Friday, December 18, 2015

The Ghosts of Christmas.

My old friend.

I see dead people.

In the upper Midwest if you don't have snow it just doesn't feel like Christmas - in Minneapolis we've had very little snow, and that can be depressing for some.  This morning there were flurries, so a little spark of joy was felt in my Scrooge'd-up heart.  I'm not really a Scrooge, am I?  Who wants to be a Scrooge - unless you can get to see ghosts ...

The other day, I discovered a quaint little shop in the neighborhood and asked them if they'd be neighborly and accept some of my piled up artwork to sell in the shop.  I mentioned I wasn't interested in making a profit - I just didn't want my work to rot away ...

The owner was delighted, asked if I could bring in the paintings right away, and so I returned home, packed up a couple dozen items and returned.  I presented them, and she was thrilled with the work.  As I was leaving, she immediately began to set out the little gems all around her shop.  I walked by late that night and spotted a few pieces hanging on the wall, "They mixed well, I thought ..."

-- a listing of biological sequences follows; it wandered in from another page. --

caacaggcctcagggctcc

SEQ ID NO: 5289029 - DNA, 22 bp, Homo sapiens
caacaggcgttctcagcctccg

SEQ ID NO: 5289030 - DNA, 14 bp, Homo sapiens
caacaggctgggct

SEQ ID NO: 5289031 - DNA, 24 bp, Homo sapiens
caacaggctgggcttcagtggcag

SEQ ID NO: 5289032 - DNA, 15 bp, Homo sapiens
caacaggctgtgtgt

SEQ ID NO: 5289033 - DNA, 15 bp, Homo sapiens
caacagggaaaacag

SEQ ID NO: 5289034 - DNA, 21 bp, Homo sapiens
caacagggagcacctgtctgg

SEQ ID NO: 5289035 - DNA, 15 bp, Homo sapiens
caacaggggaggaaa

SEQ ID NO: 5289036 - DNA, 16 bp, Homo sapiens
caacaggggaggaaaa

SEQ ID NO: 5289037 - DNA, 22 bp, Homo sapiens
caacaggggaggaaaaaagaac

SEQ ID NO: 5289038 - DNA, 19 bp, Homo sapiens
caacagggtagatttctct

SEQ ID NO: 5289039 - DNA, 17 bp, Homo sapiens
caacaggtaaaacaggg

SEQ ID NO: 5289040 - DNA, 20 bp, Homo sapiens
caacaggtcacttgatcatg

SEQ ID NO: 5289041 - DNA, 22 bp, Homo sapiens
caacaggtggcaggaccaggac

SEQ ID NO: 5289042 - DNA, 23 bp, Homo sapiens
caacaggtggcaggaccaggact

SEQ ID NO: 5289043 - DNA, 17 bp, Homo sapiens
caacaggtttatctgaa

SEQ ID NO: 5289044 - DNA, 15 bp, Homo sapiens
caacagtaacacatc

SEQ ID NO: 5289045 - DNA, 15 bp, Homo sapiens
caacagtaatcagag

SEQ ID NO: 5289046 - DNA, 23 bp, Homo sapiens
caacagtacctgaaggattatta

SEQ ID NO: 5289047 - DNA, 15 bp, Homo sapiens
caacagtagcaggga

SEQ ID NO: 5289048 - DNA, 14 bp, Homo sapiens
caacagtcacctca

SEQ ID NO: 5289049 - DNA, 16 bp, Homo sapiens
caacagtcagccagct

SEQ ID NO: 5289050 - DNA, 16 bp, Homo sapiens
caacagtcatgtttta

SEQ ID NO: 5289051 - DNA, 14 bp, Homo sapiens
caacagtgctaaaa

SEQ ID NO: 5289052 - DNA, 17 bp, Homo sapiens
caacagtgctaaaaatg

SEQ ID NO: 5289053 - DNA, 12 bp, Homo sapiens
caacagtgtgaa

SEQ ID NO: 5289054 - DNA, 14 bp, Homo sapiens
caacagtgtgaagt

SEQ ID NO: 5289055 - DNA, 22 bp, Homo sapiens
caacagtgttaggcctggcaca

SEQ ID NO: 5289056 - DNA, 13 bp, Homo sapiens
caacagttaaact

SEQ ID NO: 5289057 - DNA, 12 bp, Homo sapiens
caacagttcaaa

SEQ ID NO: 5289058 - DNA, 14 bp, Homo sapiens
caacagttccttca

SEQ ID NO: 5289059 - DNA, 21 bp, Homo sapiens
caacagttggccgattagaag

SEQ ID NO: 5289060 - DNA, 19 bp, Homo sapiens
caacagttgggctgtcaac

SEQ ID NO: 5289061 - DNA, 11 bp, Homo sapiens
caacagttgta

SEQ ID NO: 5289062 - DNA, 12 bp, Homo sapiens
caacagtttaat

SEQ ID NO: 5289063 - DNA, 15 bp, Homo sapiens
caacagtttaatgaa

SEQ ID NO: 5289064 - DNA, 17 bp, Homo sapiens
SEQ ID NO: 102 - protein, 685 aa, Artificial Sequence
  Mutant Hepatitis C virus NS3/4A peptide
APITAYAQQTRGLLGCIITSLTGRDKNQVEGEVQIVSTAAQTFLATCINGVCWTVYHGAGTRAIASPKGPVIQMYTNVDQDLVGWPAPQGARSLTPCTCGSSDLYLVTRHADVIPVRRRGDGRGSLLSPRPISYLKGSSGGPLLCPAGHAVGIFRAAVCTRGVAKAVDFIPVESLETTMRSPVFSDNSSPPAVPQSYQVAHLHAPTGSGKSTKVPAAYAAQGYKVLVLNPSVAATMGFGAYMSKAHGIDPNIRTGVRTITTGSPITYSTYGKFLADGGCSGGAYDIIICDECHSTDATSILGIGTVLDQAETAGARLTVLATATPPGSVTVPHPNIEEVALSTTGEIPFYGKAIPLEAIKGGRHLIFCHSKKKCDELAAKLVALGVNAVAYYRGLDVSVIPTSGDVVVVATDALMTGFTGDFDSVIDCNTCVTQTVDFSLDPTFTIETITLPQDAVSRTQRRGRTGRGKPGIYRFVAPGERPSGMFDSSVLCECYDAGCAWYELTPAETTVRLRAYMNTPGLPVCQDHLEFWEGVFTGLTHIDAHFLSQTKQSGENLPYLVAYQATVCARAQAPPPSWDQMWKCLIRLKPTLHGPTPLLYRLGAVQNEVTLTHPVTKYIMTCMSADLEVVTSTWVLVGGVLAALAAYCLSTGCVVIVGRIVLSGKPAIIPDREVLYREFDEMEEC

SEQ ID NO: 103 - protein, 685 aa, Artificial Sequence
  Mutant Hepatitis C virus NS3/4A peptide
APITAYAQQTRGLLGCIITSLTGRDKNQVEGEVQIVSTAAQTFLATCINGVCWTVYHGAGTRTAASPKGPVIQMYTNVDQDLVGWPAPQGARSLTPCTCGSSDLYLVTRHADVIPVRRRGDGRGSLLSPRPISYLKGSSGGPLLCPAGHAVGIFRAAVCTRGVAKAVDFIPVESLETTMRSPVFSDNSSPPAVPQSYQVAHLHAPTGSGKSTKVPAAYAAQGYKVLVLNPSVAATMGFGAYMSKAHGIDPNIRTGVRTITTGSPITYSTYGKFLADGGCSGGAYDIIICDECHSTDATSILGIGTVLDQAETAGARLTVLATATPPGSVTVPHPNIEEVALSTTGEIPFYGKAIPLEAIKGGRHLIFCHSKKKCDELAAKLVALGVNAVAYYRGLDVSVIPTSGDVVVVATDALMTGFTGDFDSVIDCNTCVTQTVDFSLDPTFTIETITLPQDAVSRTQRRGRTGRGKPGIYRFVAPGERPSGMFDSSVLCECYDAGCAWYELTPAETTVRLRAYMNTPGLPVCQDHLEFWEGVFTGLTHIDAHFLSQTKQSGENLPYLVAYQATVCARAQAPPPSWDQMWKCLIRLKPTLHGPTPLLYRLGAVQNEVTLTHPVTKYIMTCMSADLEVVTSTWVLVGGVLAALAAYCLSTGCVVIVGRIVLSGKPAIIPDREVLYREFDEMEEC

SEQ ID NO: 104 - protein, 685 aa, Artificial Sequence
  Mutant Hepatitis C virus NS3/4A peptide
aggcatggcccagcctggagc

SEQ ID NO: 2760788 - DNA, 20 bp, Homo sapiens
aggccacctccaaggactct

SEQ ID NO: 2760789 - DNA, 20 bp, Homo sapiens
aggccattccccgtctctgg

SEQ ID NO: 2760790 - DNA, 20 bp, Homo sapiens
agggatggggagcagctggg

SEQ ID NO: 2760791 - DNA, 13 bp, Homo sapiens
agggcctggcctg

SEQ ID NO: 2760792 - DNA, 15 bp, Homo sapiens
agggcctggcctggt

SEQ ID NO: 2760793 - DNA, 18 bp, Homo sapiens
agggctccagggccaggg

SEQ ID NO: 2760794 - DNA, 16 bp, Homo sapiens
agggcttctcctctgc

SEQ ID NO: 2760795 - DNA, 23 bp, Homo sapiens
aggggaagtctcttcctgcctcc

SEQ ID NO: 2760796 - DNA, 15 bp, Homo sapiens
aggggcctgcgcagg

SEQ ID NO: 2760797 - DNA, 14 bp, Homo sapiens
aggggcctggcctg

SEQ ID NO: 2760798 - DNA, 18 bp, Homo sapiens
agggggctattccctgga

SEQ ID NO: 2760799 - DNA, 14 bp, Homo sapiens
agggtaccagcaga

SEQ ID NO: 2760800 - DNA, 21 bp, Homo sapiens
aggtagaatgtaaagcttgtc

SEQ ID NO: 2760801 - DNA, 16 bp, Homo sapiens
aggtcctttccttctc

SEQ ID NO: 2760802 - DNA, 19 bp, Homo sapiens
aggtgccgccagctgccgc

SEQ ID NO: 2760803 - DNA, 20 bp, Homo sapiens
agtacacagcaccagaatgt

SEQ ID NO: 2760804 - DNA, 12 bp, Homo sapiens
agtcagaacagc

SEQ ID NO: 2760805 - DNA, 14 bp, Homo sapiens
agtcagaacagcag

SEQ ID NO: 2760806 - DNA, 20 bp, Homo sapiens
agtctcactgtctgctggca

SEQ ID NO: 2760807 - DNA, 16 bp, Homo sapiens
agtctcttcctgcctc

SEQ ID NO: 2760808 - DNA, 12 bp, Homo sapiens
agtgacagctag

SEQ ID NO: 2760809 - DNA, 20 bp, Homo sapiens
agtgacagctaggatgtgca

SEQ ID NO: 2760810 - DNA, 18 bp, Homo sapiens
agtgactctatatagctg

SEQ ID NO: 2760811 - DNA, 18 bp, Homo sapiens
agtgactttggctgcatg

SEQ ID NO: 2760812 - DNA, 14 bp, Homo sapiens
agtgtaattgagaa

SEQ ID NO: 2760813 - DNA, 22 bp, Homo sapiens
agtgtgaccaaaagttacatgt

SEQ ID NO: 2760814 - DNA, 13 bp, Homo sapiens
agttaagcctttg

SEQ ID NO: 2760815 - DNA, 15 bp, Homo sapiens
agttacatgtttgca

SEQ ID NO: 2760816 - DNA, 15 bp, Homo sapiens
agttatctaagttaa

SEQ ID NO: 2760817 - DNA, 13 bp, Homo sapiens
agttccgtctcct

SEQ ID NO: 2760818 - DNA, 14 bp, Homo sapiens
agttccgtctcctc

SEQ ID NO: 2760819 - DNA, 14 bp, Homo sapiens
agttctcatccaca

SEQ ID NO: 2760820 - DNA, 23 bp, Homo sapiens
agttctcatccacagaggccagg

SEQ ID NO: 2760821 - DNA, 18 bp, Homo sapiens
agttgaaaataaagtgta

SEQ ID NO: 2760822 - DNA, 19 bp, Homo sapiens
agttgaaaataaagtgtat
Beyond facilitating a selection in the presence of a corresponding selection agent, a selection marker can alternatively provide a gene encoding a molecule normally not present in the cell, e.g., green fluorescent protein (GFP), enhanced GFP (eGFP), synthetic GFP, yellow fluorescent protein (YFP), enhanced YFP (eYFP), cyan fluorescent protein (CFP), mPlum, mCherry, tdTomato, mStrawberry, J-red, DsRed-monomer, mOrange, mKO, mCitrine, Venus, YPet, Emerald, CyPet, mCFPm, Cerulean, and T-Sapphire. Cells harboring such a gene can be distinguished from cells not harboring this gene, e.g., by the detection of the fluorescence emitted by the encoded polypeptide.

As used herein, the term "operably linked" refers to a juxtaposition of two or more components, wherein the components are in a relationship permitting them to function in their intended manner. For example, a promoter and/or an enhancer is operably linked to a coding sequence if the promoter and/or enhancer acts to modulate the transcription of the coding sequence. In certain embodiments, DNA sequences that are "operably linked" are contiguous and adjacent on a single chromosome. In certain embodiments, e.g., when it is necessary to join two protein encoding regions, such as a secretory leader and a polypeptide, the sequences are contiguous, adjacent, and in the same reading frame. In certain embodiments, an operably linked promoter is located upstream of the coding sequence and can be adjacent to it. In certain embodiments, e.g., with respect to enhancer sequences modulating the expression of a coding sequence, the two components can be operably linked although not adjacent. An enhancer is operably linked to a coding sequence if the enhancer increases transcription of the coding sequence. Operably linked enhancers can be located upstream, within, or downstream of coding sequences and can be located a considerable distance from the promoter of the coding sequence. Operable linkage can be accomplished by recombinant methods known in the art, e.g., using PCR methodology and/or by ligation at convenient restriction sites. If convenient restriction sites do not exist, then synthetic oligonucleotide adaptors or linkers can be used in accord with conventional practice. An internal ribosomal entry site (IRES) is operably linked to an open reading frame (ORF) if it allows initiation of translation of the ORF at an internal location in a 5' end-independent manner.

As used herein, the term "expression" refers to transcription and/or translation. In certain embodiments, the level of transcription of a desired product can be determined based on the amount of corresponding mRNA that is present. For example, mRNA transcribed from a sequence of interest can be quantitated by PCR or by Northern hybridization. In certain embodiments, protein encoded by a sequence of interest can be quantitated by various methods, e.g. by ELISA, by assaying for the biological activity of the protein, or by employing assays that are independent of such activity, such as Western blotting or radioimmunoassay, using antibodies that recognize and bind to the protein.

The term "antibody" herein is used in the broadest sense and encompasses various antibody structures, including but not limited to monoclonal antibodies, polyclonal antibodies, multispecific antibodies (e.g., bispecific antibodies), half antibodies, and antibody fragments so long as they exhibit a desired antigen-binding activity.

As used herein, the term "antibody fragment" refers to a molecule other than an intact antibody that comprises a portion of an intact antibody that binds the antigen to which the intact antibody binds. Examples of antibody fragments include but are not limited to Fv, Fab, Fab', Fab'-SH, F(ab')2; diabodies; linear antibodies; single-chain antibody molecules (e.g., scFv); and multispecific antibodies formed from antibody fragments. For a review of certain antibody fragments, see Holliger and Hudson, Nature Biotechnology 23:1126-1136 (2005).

The next day I came to photo some of the work I had not yet catalogued.  I looked at the pieces and noted the pricing was barely a third of what I have sold items for in the past - even privately, that is outside gallery representation and retail markup.  As I looked more closely at my 'collection' with daylights fresh eyes, it seemed to be broken up - the individual pieces disappeared and no longer related to the 'continuum' I imagined they had, or what I felt made them a collection.  I suddenly felt ... anxiety.


I discussed my situation with a friend, only to be scolded.  "You're always like this.  You are too precipitous.  You jump into things without thinking them through."  The worst was, "This is why you are not a successful artist."  I begged him not to torture me with what I already knew.  I already knew that I sell myself short ... always have ... and I live in a dream world of rabbits and hermits and sprites and lights and in that world every little brush stroke means something.  Every little highlight becomes a golden thread in the strange tapestry which cloaks a naked, ignorant, little homeless kid - a ghost of Christmas past.